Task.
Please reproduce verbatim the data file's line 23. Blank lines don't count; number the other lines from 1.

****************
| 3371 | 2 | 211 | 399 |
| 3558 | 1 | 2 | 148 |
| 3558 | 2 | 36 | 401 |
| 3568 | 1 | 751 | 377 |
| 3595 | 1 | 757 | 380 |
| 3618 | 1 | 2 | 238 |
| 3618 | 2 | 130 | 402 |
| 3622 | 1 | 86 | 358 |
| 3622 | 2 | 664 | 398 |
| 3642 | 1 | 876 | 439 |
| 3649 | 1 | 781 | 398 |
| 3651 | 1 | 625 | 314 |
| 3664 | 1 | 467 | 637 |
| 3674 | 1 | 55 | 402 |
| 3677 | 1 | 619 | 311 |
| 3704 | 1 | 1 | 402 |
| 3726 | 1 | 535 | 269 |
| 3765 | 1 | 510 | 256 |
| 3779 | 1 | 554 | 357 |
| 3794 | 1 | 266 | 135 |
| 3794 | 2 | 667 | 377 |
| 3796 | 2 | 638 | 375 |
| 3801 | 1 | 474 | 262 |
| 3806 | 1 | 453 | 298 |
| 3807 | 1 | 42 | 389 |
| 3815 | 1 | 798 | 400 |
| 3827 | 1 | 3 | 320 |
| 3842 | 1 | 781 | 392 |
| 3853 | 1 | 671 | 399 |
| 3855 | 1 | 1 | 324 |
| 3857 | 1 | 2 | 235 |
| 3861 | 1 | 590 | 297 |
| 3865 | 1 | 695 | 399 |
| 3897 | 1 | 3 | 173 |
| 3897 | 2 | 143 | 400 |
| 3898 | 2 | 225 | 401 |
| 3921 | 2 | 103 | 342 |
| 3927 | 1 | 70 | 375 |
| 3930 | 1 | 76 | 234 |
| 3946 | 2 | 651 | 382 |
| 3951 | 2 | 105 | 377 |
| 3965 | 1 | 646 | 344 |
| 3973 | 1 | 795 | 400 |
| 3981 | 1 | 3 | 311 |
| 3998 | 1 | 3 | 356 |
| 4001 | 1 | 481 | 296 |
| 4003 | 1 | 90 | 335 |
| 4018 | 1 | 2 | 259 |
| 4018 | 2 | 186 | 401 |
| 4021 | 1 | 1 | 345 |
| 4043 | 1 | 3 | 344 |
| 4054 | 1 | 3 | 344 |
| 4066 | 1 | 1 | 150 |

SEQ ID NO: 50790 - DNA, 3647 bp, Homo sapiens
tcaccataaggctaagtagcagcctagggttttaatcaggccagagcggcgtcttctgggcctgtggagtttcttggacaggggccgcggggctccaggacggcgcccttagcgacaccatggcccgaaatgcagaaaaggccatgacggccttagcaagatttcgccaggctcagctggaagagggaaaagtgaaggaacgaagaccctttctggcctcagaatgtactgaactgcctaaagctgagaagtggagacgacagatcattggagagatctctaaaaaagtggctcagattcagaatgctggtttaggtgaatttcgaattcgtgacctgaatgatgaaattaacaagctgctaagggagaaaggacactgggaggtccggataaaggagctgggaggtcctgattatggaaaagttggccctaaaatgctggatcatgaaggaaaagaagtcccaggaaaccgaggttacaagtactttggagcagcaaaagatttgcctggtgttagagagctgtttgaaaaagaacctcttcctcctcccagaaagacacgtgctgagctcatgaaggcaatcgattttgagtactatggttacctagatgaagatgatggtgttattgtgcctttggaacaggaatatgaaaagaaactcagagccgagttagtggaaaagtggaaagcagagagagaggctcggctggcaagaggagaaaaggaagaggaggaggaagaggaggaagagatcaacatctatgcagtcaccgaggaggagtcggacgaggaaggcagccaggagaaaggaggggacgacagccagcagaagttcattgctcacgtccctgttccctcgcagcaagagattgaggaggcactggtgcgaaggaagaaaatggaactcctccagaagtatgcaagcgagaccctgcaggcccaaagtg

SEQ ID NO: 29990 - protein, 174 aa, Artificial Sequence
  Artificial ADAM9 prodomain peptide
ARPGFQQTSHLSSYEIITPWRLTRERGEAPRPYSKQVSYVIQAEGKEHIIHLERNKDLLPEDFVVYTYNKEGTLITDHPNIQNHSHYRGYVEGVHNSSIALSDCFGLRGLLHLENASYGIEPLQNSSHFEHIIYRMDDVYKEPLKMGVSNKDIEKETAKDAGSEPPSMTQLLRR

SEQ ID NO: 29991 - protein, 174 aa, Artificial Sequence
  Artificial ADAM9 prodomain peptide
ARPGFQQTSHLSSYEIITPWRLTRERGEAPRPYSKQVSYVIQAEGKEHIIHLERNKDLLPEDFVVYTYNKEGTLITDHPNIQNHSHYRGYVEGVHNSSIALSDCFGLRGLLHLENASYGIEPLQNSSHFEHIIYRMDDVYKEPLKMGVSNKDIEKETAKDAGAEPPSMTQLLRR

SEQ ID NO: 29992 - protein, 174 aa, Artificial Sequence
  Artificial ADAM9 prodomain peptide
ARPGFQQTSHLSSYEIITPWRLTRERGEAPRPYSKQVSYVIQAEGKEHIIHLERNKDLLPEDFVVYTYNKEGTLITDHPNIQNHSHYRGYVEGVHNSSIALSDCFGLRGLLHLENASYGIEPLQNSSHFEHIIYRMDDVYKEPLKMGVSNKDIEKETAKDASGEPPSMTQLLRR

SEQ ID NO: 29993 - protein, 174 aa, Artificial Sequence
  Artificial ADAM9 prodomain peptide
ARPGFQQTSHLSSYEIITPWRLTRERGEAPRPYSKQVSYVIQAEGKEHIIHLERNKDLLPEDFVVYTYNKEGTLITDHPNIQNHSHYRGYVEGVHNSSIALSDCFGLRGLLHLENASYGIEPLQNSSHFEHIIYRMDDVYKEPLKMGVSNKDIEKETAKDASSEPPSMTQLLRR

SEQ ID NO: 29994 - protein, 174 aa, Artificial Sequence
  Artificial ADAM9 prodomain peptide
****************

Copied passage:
| 3801 | 1 | 474 | 262 |